News Releases and Media Advisories

Cooling Center Open in Annapolis

Heat Advisory in Effect until 7:00 p.m.

Annapolis, MD (7-2-14) Annapolis Mayor Michael Pantelides announced that the City of Annapolis will open the Pip Moyer Recreation Center today, July 2, as a cooling center from 11 a.m. to 7 p.m. The Center is located at 273 Hilltop Lane in Annapolis and residents utilizing the facility as a cooling center will not have access to recreation actives.

The City of Annapolis is under a Heat Advisory from noon until 7:00 p.m.  Today’s highs will reach the 90's with the heat index (feels-like temperature) of 105.

Mayor Pantelides advises residents to check on family members and neighbors who live without air conditioning. According to the Centers for Disease Control, elderly people (65 years and older), infants, children and people with chronic medical conditions are more prone to heat stress.

A Heat Advisory means that a period of hot temperatures is expected. The combination of hot temperatures and high humidity will combine to create a situation in which heat illnesses are possible.


·       Drink plenty of fluids

·       Stay in an air-conditioned room

·       Stay out of the sun

·       Check on elderly relatives and neighbors

·       Wear light weight and loose fitting clothing when possible

Anyone needing transportation to the cooling center should call 410-216-9167.

Never leave small children or pets unattended in vehicles. Temperatures inside the vehicle can rapidly climb to 130 degrees.

Fire Chief David L. Stokes Sr. warns of the problems that come with the extreme heat, such as heat cramps, heat exhaustion and heatstroke. He said that crews usually experience an increase in medical calls during extended periods of hot weather.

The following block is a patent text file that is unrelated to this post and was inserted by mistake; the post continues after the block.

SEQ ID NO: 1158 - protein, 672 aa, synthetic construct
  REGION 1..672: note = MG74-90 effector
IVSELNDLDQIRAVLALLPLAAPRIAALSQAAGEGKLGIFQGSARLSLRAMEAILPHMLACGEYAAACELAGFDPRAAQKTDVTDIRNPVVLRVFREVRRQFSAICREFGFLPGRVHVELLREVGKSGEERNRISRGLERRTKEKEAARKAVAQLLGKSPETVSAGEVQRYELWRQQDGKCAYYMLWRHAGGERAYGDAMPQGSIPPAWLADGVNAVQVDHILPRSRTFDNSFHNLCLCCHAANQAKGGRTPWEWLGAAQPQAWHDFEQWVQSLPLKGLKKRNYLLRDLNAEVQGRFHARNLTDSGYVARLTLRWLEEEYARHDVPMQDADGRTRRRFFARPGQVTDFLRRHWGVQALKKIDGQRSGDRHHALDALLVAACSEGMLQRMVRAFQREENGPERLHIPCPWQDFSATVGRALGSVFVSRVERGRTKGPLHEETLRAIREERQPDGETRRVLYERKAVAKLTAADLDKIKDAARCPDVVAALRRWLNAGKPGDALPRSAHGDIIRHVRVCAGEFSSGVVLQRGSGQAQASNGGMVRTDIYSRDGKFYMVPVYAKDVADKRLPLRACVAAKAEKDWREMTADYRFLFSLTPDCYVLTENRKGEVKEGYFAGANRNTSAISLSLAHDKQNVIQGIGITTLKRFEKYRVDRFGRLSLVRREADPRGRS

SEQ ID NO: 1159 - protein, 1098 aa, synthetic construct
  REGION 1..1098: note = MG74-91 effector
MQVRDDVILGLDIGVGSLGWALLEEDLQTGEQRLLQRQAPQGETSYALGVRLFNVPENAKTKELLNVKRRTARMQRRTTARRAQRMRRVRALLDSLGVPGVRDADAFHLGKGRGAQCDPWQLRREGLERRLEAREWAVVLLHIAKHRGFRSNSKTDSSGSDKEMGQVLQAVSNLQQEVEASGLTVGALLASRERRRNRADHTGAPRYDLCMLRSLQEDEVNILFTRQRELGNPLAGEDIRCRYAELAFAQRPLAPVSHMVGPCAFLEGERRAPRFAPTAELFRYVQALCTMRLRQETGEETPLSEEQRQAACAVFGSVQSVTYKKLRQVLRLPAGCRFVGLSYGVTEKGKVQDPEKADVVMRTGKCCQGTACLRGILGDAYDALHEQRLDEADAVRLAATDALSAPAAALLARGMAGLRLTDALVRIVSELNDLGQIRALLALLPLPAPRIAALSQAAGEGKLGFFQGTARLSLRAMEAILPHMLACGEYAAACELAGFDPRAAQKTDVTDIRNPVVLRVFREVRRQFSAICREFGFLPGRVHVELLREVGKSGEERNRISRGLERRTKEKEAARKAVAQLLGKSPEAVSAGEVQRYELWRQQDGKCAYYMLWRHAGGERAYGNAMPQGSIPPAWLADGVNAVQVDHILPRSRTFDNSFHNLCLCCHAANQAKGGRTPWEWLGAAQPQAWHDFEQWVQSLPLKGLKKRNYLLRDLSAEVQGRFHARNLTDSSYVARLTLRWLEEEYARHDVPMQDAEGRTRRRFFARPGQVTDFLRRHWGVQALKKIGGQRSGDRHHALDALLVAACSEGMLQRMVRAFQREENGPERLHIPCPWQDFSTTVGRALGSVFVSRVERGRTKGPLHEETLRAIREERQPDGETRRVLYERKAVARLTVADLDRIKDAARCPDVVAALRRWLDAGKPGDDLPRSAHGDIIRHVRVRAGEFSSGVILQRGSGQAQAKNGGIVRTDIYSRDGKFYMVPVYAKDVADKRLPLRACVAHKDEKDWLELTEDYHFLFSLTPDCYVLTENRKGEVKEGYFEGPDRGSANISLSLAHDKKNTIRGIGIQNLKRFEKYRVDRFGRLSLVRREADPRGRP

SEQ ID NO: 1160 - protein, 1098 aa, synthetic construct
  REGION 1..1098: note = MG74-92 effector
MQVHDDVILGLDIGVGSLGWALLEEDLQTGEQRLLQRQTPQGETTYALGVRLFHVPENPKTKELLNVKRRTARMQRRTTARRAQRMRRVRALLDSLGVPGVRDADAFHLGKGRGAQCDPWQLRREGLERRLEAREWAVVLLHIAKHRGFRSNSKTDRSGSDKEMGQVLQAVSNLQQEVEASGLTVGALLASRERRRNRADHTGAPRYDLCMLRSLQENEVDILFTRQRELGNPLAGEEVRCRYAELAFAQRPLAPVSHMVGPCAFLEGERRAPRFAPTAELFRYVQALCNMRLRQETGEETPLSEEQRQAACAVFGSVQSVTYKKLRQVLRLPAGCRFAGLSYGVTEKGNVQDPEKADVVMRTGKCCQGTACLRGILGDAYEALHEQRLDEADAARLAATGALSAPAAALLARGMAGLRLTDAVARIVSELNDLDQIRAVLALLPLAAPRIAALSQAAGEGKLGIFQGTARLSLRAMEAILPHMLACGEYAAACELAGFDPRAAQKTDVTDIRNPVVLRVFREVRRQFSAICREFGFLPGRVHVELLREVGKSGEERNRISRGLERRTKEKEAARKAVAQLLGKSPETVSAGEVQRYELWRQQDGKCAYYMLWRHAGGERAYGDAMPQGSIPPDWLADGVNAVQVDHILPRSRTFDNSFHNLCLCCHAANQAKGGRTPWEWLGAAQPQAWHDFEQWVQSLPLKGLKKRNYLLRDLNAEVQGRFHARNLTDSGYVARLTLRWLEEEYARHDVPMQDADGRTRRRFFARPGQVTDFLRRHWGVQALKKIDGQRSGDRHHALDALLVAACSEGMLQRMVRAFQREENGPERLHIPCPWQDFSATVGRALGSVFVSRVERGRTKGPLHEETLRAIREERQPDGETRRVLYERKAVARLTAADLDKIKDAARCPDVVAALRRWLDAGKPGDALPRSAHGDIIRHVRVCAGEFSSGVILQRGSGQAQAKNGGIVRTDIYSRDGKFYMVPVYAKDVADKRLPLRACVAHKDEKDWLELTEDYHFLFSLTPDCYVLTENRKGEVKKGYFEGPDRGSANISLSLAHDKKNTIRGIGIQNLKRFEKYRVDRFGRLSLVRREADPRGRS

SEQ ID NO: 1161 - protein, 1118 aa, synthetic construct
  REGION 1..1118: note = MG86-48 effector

Know the signs and symptoms of heat exhaustion and heat stroke:

•    Heat cramps - These are muscle contractions that are connected to heat and dehydration.
•    Heat exhaustion – This is also a result of excessive heat and dehydration. The signs of heat exhaustion are paleness, dizziness, nausea, and vomiting, fainting and increased temperature.
•    Heatstroke - This is the most severe form of heat illness. These people have warm, flushed skin and do not sweat. This is considered a critical medical emergency. These patients must have their temperature reduced quickly and taken directly to the hospital.

To reduce risk during outdoor work, the Occupational Safety and Health Administration recommends scheduling frequent rest breaks. Anyone overcome by heat should be moved to a cool and shaded location. Heat stroke is an emergency - call 911.